Landscapers & The Value of Eye Protection

We were nearing the end of our every-other-day tandem ride from the house yesterday morning, having survived the usual collection of motorists who don’t know about Georgia’s 3-foot passing rule, or who just use really poor judgement, such as attempting to pass on blind curves and nearly having head-on collisions.

Less than 1-mile from our home we come upon a house where the ubiquitous “landscape maintenance guy” (Good grief, does anyone cut their own grass anymore?) is out running his gas-powered string trimmer along the edge of the road.  He’s facing away from the flow of traffic,  which tells me he’s completely unconcerned with where the crap he’s kicking up is going.  A smart and conscientious landscaper would at least have his eyes looking up the road so that he could momentarily lift his cutting head as cars, motorcycles or, in our case, bicycles passed.

Be that as it may, as we approach him I check for traffic and move to the center of the lane to put a little distance between his string trimmer and us, knowing that those things as well as mowers can kick-up rocks and what not and turn them into projectiles.  Yeah, well….  and please excuse my use of an expletive.

Thankfully, I had eye protection on. However, I recently lost my Tifosi cycling glasses and have, instead, been wearing some very inexpensive wrap-around sunglasses which protect the eye but not much else.  Son-of-a-gun if that string trimmer didn’t kick-up a rock and send it into my left eye-socket bone, just under the lower edge of the lens: ouch.   Thankfully, it didn’t do any real harm, it was mostly the shock factor that got my attention.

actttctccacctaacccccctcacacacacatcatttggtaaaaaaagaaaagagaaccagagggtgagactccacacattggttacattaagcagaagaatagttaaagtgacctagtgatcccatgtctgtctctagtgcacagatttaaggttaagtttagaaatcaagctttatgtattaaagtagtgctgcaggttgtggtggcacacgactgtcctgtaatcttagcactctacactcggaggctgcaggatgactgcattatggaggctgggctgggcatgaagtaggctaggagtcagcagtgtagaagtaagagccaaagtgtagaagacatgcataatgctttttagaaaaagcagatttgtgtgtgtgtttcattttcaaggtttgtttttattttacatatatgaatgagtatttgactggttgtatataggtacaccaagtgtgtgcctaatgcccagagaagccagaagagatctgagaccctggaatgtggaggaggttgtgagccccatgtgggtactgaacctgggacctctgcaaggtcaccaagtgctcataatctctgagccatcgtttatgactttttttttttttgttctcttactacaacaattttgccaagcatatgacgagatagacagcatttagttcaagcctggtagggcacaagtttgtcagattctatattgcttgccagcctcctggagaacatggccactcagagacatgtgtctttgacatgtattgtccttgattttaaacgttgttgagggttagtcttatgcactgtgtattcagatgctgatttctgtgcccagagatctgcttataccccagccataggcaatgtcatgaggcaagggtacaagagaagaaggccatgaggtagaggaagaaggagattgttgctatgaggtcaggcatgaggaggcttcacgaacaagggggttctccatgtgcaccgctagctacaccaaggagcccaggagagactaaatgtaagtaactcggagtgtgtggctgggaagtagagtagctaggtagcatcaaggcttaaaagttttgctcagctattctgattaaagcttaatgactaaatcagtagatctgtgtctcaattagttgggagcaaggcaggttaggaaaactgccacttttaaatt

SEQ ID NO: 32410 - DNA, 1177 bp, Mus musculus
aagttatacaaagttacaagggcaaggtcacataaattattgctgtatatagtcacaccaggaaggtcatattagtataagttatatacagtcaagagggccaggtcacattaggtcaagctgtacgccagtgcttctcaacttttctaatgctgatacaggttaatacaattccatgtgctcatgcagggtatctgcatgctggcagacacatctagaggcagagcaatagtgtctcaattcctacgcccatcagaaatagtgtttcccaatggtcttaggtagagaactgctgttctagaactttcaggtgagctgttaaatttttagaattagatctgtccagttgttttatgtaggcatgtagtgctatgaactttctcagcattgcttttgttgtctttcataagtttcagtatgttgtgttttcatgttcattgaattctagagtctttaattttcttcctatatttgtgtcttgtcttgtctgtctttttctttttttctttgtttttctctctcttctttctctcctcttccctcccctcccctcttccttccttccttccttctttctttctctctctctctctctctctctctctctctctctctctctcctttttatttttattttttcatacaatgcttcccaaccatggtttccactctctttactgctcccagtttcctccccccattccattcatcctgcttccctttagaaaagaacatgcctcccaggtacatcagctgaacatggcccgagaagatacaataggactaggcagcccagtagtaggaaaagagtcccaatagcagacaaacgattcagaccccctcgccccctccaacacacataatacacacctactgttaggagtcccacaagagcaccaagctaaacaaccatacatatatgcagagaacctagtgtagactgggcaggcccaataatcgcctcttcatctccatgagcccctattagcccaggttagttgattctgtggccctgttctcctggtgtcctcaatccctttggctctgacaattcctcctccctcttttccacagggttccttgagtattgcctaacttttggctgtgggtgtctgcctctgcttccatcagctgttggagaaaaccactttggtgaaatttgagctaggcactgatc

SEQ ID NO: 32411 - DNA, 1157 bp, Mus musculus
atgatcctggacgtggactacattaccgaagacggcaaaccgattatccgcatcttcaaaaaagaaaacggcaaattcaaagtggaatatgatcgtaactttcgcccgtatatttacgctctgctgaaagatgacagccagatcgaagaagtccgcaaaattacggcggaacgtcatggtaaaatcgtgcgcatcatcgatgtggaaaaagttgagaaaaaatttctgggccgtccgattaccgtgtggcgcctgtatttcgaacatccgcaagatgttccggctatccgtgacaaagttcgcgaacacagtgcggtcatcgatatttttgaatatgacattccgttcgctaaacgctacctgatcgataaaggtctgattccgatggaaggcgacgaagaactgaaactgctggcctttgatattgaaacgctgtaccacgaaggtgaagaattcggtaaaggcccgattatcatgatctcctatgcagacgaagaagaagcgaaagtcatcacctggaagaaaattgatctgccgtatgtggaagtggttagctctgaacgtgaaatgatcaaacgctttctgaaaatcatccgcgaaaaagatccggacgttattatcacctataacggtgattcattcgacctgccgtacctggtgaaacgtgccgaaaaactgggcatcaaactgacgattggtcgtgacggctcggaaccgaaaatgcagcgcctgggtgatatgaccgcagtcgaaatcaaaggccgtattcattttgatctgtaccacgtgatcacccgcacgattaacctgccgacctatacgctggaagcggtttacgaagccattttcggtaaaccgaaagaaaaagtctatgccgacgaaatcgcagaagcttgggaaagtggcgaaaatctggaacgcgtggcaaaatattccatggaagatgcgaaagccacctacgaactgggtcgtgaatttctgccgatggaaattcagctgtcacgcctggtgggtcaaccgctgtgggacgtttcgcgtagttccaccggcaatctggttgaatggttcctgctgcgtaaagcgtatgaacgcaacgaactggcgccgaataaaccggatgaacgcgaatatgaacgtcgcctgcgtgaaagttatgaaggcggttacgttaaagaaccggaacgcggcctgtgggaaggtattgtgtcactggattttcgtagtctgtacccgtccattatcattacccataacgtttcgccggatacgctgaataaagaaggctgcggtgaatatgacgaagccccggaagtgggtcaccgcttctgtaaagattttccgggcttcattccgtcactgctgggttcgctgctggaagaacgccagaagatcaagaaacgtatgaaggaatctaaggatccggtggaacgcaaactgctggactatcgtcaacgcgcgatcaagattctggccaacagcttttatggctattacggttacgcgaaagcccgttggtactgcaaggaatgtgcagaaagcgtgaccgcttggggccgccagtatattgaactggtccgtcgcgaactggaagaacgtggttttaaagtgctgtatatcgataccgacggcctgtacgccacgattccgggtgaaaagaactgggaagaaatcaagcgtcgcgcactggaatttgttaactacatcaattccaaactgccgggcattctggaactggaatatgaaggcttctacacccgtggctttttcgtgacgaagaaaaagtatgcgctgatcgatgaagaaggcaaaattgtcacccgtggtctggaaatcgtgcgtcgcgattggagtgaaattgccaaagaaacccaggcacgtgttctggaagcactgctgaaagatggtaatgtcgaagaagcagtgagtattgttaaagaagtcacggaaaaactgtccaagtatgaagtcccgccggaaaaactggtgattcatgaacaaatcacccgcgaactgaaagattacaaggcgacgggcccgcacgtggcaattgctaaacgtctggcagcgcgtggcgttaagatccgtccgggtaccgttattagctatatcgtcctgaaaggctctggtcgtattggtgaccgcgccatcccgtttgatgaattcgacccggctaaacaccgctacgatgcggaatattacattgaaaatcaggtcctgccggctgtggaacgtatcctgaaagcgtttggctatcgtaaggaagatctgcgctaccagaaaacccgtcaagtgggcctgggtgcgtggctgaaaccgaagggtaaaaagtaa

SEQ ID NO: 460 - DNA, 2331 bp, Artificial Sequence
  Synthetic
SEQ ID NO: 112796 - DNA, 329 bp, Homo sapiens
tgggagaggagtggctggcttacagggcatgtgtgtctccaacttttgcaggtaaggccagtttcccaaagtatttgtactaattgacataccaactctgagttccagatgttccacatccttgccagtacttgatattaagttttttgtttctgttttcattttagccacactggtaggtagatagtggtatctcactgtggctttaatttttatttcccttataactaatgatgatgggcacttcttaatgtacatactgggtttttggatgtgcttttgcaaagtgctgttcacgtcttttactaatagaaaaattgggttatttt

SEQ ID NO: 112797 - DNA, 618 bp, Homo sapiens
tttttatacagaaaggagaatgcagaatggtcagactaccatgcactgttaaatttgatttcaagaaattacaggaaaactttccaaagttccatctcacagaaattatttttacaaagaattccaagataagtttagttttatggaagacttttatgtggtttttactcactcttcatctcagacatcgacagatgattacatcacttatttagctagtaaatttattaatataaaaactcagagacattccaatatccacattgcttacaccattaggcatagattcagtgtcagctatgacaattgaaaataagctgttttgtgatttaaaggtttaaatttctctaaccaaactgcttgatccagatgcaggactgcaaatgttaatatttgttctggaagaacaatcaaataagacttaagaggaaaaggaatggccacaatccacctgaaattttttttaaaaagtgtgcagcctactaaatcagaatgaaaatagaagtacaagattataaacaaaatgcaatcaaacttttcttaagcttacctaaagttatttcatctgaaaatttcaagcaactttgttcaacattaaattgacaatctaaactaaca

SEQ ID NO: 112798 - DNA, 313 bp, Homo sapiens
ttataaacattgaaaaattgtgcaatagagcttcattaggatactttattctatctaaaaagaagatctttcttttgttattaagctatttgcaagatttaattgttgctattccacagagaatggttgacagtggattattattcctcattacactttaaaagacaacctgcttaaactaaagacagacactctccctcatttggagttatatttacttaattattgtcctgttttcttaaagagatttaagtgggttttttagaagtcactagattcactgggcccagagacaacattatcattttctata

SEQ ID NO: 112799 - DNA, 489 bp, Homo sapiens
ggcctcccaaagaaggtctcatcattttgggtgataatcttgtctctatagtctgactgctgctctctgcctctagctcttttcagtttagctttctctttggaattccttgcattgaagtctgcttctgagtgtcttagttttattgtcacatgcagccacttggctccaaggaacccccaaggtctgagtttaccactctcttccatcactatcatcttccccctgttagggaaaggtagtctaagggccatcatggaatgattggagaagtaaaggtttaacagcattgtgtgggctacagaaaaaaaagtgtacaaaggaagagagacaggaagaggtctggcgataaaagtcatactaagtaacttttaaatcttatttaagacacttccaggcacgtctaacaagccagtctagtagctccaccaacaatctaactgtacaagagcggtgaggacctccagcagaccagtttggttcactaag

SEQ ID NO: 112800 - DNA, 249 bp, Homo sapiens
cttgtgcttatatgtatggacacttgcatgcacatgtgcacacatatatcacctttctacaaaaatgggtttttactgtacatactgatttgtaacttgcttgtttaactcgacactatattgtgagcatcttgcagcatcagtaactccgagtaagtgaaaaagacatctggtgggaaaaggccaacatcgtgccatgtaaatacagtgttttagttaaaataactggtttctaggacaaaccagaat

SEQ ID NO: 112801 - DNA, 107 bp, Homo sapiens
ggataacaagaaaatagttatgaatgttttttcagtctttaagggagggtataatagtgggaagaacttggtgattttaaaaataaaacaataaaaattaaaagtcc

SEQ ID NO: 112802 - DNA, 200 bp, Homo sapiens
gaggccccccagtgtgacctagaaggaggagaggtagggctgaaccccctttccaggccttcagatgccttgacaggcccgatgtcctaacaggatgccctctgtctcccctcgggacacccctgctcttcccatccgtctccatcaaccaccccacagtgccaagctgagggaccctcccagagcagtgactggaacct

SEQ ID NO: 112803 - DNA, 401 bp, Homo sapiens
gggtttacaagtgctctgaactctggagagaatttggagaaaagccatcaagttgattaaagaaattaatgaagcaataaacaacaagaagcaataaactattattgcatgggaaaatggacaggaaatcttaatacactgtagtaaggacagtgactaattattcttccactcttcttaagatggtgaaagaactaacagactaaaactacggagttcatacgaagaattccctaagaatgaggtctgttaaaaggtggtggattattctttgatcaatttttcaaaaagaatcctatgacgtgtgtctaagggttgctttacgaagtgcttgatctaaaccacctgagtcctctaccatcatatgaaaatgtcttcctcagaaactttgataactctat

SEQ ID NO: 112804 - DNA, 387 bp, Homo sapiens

I’ll most likely make a point of going by there next Tuesday morning and talking with him about the need to be attentive when operating his equipment along the road.  That rock could have easily been kicked into an open car window, motorcyclist, etc.  However, in the interim, I’ve sent off a note to the homeowners regarding the incident since they are technically his employer.

Bottom Line:  Protect those eyes!


About TG

I've been around a bit and done a few things, have a couple kids and a few grandkids. I tend to be curmudgeonly, matter-of-fact and not predisposed to self-serving chit-chat. Thankfully, my wife's as nice as can be otherwise we'd have no friends. My interests are somewhat eclectic, but whose aren't?
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2 Responses to Landscapers & The Value of Eye Protection

  1. Dave says:

    The same thing happened to a friend of mine on a single bike several years ago. He hit a rock that was kicked up by the landscaper’s weed wacker and crashed as a result. He ended up in the hospital with now-permanent injuries. Extreme caution necessary around landscapers!

    • TG says:

      They or their employers are liable. It’s like dog owners who let their animals run off their property: they take you down, you take them to court. As for the landscapers in general, here in Georgia it’s illegal (misdemeanor) to blow grass clippings into a public thoroughfare. The legal rational is two fold, (a) it creates an unsafe condition for motorcycles as it’s slick as ice and causes single bike accidents, and (b) it’s also considered littering. But, like most laws, it’s rarely enforced to preclude accidents and, instead, gets cited during the traffic accident investigation: kinda like failure to yield, use turn signals, distracted driving, etc.

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